No matter what policymakers try, whittling down the numbers of those without coverage is a bear of a challenge. With 18% of the nonelderly now uninsured, "The best we're going to do is about 15%," said Fronstin.
But Marilyn Moon, PhD, a senior fellow at the nonprofit Urban Institute, is more optimistic that federal policy can beat down the numbers. "It's not going to go to zero, and it's not going to be easy to get it to 10%, but I do think we could do better than 15%," she tells WebMD.
A report issued earlier last month by the Institute for the Future and the Robert Wood Johnson Foundation gave a middle-of-the-road forecast that 48 million Americans would be uninsured by 2010, the same percentage of the nonelderly population as today. The report's alternative blue-sky prediction was for 30 million uninsured -- 11.5% of the nonelderly populace -- while its pessimistic alternative estimated that 65 million -- 25% -- would be without insurance.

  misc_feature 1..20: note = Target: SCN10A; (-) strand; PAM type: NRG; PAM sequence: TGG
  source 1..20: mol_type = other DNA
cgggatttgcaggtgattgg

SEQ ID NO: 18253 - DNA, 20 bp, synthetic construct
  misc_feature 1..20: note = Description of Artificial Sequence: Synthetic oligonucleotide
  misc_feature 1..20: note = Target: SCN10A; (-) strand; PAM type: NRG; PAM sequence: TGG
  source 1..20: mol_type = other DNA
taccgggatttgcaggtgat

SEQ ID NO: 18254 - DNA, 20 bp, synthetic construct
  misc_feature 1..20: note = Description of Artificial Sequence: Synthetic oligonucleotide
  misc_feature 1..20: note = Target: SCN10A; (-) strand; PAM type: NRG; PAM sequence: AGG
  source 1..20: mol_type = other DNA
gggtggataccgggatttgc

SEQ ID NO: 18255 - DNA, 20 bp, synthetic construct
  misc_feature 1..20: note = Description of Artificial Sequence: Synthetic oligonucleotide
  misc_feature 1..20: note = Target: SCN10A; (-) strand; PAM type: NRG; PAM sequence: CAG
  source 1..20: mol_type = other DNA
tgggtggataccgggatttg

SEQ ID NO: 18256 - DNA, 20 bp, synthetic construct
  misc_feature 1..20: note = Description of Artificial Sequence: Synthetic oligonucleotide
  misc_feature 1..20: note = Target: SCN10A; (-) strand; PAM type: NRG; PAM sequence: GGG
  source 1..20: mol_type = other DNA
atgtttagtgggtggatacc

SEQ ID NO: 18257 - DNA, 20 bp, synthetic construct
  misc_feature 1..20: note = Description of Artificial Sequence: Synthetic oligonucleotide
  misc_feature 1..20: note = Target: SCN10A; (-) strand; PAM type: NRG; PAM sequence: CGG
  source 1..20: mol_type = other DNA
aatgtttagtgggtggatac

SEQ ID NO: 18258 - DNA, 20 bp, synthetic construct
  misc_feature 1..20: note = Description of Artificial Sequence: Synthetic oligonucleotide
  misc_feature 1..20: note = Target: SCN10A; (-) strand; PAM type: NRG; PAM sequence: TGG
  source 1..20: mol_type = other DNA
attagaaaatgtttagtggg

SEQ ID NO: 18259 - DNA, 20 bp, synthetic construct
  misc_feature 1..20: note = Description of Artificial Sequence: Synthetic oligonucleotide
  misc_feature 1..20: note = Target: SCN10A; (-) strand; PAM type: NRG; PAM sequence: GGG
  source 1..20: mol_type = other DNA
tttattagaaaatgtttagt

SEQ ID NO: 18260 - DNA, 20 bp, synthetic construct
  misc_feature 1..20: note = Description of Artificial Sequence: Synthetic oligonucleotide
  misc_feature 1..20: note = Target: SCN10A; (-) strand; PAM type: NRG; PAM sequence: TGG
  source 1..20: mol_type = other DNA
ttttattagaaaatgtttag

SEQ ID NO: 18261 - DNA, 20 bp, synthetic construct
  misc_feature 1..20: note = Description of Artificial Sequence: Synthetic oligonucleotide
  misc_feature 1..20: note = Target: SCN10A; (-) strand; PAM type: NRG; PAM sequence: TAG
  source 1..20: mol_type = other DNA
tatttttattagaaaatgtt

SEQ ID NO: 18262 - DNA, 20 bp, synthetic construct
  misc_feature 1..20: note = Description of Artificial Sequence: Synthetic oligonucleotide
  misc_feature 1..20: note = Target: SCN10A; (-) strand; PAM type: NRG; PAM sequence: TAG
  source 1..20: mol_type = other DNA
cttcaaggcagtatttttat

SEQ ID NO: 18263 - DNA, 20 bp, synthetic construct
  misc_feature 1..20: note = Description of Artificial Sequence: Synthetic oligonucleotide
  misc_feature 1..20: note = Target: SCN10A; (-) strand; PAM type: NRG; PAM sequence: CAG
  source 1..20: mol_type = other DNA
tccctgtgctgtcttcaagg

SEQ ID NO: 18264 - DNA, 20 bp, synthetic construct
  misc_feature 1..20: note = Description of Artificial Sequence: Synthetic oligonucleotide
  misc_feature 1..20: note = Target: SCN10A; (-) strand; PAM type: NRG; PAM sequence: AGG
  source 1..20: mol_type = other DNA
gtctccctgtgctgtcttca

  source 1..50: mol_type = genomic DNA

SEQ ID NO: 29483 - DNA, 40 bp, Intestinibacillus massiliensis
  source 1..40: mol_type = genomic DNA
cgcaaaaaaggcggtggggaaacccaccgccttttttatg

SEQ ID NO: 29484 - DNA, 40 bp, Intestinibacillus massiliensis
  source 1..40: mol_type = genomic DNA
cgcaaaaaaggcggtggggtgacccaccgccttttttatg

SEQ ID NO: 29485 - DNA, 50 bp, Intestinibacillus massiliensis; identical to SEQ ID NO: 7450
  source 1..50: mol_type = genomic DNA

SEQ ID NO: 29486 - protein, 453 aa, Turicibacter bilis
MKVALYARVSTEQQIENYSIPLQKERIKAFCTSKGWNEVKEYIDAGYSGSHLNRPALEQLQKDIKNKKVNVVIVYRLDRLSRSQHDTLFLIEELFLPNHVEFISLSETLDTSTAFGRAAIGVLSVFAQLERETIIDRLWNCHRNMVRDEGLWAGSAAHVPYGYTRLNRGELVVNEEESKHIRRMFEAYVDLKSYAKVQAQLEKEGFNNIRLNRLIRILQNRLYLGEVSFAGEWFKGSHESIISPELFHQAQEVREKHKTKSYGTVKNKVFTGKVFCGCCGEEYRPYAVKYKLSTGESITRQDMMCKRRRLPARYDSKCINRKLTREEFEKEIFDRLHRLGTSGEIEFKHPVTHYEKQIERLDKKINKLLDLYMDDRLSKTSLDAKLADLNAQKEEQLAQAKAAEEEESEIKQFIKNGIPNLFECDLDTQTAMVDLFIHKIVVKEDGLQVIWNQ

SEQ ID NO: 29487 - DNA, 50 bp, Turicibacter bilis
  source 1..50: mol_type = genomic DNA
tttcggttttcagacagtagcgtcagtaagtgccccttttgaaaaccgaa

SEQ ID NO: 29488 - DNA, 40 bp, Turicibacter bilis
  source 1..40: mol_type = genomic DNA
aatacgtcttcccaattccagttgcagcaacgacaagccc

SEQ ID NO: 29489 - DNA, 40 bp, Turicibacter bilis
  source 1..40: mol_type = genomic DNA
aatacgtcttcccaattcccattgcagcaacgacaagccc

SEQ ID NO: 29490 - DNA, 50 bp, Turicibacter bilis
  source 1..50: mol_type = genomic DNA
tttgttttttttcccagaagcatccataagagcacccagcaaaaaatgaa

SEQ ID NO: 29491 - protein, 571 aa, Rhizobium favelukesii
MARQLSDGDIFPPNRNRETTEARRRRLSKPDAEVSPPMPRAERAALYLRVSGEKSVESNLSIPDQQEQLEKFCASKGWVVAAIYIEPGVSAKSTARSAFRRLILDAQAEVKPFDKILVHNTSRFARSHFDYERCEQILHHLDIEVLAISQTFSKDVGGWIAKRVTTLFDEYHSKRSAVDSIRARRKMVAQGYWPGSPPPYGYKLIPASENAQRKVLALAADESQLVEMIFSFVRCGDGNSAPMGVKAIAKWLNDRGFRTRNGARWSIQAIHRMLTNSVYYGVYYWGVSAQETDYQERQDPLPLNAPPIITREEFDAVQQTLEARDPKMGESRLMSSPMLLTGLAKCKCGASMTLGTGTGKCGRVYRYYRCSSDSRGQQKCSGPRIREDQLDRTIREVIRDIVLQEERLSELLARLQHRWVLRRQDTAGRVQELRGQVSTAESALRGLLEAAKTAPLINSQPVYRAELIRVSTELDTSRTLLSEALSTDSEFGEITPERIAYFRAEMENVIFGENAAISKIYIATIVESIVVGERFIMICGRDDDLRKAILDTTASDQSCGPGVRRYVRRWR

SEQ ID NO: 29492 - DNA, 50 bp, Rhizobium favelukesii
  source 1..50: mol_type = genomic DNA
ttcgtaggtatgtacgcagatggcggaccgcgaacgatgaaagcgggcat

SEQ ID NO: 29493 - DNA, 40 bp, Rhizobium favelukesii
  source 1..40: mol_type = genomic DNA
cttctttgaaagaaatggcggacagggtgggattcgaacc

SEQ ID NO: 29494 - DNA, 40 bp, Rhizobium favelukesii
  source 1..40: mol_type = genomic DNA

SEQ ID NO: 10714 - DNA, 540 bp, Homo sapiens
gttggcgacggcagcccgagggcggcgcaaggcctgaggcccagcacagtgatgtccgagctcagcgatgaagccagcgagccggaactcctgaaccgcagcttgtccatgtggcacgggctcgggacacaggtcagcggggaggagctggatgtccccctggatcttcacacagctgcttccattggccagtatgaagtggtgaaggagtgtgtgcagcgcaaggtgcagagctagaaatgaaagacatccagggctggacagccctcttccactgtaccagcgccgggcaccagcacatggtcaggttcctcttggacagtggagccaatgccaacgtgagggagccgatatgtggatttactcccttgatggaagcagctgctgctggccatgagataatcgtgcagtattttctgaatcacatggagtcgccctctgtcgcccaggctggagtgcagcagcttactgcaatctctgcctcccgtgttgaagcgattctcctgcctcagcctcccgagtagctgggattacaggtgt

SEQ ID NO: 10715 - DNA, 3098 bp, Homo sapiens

While getting coverage for the uninsured is a complex nut to crack, coverage appears strong for the rest of the population. The country's robust economy is keeping many employers from dropping health insurance plans.
EBRI reported that the proportion of employed workers with health coverage has risen for the fifth straight year: Just under 65% of nonelderly Americans had coverage under an employer plan, the institute said.
"Employers are responding to the tight labor market," Fronstin noted, although he expressed "concern" that medical inflation is on the rise.
But Moon tells WebMD, "I'm not cheered that there's only been modest improvement in health insurance coverage. Times are awfully good."
Employers and health plans argue that enactment of the "patients' bill of rights" could throw more than a million Americans off of employer coverage; the Congressional Budget Office estimates that the bill passed by the House would increase insurance premiums by more than 4%.
But Fronstin tells WebMD that this doomsday scenario is unlikely, with businesses desperate for workers, they are unlikely to discontinue coverage even if it became more expensive. Unemployment, he notes, is currently just 4%.
The briefing Friday was held by the Kaiser Family Foundation and the Alliance for Health Reform, nonprofit policy groups.